Innovation in Allocation_ A Cautionary Tale

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					Policy by Design: Virginia’s NOx Allowance Auction
D. Porter, S. Rassenti, B. Shobe, V. Smith, and A. Winn

June 20, 2005

Why is this interesting?
First time allowances sold for revenue Innovative auction designs Experimental comparisons of auctions Implementation
Timing  Bureaucratic issues  Broker‟s issues

NOx allowances
Nineteen state regional market Allowances have vintages
  

Use on or after vintage year ‟04 and „05 had 1,855 allowances in the set-aside At prevailing prices, vintages would earn about $9 million Subject to “progressive flow control” or discounting if total stock of banked allowances rises above 10% of total allowances

Allowances may be banked at a risk

Criteria for successful auction
Maximize revenues for the state Auction must be completed by June 30 Fair, understandable, and transparent auction process

Results of initial design work
Initial evaluation suggests 3 auction types for evaluation:
Combinatorial sealed-bid  Combinatorial English clock auction  Sequential English clock

Combinatorial sealed bids
For the combinatorial sealed bid “Any/Or” (AO) bids Bids take the form: (p4,Q4 | p5,Q5) Which includes any linear combination:
q4 ≤ Q4;  q5 ≤ (1-)Q 5;  0≤≤1

Combinatorial sealed bids - 2
For example, the bid (100, 10| 90, 20) could result in:
Q4 = 10 or Q5 = 20 or any linear combination such as  4 units of 2004 ( =.4) and 12 units of 2005 for (1- =.6)  Revenue is maximized by solving an integer programming problem in Q4, Q5 , and ij

The “English clock”
Seller has many units to sell Seller announces price, bidders announce quantity Start at low price where demand is high Increase price at set periods Stop when demand equals supply Sell all allowances at ending price

Advantages of the clock
Quick and easy to implement Reduces political risk

Does not reveal WTP of high-value bidder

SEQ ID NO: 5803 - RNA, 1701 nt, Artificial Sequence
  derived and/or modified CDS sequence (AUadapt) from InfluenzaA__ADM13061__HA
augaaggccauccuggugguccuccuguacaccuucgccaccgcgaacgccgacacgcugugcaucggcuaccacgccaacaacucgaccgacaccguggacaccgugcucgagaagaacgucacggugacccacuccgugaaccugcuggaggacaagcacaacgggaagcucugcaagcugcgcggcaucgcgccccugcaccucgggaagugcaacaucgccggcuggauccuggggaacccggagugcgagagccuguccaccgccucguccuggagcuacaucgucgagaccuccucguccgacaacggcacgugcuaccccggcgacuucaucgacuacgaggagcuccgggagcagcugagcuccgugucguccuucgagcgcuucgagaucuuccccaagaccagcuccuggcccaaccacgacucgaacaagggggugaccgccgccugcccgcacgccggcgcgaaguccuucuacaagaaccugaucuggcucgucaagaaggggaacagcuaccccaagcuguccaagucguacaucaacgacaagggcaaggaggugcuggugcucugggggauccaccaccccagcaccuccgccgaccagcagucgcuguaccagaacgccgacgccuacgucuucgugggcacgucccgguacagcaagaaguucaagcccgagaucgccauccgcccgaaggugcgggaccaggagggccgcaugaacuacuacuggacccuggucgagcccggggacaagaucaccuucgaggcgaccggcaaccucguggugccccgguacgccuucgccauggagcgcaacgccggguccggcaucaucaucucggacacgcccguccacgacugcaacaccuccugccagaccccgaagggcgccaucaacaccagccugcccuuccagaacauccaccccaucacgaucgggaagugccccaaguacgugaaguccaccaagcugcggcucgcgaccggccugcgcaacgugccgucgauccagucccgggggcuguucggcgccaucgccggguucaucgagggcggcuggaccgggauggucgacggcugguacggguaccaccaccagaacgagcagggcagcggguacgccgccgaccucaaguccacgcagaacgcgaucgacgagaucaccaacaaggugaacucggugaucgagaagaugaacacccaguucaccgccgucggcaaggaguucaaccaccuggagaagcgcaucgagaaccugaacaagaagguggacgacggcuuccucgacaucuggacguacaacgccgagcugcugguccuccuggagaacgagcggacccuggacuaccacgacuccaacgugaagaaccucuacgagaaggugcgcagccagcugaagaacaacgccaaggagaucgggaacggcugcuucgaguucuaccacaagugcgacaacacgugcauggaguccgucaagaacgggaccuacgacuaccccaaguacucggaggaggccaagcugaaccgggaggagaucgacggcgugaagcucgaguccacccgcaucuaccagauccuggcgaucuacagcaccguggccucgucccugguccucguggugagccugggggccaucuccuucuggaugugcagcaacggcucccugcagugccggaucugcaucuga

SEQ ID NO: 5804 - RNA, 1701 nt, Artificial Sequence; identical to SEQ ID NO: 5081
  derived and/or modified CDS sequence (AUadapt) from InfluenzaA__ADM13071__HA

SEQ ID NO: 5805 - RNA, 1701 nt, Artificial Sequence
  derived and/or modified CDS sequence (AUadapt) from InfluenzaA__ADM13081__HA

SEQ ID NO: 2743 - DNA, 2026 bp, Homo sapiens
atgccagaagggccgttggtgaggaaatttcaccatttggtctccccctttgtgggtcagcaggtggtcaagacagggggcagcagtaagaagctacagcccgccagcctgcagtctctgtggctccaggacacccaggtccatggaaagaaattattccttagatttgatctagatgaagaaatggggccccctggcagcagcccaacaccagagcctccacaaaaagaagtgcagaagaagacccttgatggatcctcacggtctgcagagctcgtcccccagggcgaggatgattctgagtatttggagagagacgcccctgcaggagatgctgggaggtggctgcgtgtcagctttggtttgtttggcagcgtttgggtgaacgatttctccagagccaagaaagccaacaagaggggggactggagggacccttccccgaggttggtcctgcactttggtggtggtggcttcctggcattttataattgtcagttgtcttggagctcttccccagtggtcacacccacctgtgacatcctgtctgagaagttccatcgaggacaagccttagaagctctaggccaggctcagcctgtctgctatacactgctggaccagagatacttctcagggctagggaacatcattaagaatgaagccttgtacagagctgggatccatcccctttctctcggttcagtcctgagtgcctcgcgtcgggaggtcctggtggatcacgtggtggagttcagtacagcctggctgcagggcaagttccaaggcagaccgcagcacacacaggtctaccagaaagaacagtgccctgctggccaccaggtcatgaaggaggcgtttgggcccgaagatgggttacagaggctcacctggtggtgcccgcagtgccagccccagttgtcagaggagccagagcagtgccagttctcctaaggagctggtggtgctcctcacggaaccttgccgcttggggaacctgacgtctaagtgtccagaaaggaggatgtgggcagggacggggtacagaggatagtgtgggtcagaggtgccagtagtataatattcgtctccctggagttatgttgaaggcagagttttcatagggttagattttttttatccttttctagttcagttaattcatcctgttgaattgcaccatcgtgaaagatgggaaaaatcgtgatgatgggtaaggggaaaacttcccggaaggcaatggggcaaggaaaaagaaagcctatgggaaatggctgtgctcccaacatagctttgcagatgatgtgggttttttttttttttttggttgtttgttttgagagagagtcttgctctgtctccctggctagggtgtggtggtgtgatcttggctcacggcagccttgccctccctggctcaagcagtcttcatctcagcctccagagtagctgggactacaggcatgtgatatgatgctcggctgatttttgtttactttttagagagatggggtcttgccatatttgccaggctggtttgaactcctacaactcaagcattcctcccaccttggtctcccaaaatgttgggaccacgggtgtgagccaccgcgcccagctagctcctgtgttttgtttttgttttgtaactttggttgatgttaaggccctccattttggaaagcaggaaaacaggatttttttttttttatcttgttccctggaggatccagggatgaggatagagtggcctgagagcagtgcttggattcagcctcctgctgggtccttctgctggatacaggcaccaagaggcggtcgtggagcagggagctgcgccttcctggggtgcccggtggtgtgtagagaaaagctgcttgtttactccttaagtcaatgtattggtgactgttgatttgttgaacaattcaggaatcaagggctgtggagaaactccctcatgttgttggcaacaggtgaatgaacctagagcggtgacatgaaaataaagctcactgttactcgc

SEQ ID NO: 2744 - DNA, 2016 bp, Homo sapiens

Combinatorial English clock
Bidders bid on 2 clocks simultaneously Clock increases for any vintage in excess demand Bidders may switch quantities between vintages subject to some limits When both clocks stop, revenue maximizing bids are selected by algorithm

Sequential English clock
Sell one vintage in morning and one in afternoon Each by standard English clock Does the order make a difference?

Experimental results - revenue
Both clocks beat CSB with elas. demand

CEC does a little better than SEC

Clocks fair worse with inelastic demand Differences in vintage prices does not affect relative performance of CEC and SEC For SEC, order of auction does not matter External market probably implies elasticity

Auction timeline
As of mid-April, time pressure appeared to rule out all but the simple sealed bid. RFP for auction brokerage services published May 17 Responses were due on May 27 Contract was signed on June 8 Auction was held on June 24

Light-speed for a state bureaucracy!!

The winning brokerage bid
No mention of clock auctions in the RFP Credible bids from five firms All could do a sealed bid Amerex proposed an English clock auction

This was a surprise as the ICES work had not been publicized.

Virginia chose the risky path to maximize revenue from the auction

Sixteen days
5 days of intense discussion on design detail
Sequential versus joint auction of vintages  Single price or discriminatory pricing  How to select winning bids

Auction design finalized on June 14

Programming and paperwork
Programming the Internet application Writing contract Contacting potential buyers Getting contracts approved Arranging financial assurance
Bond ratings, escrow, or letters of credit  Bids limited to credit amounts

The auction - bidders
Bidders see only two things
The current price  That the auction is still open

Bidders enter only quantity bid Bidding early is important because winning bids are filled in order received Must bid each round to stay in

Can‟t increase bid in later rounds

The auction - seller
Announce schedule of rounds

Time for bidding; time for posting new round

Stay in touch with bidders When quantity bid falls below quantity to sell, auction ends Seller chooses top price or next price down to maximize revenues

Price paid
Bidders at top price get goods at seller’s chosen price

Even if next to last price is chosen

If final price drops down, additional quantity is sold in time order of bids

Bidders who drop quantity in last round may get some units at their last bid price

Auction results: 2004 vintage
Number for sale: 1,855 19 bidders, 10 winners Day before the auction:

Bid: $2,200; Ask: $2,350

Morning of auction over-the-counter sale: $2,250 per ton Auction clearing price: $2,325 3.3% over morning trade price!

Auction results: 2005 vintage
Number for sale: 1,855 17 bidders, 5 winners Day before auction:

Bid: $3,150; Ask: $3,200

Morning of auction over-the-counter sales: $3,200 per ton Auction clearing price: $3,425 7% over the morning trade price!

Revenue exceeds expectations
Total auction revenue: $10,666,250
Auction expenses: under $200,000

Including one-time research costs

Net revenue: $10,466,250

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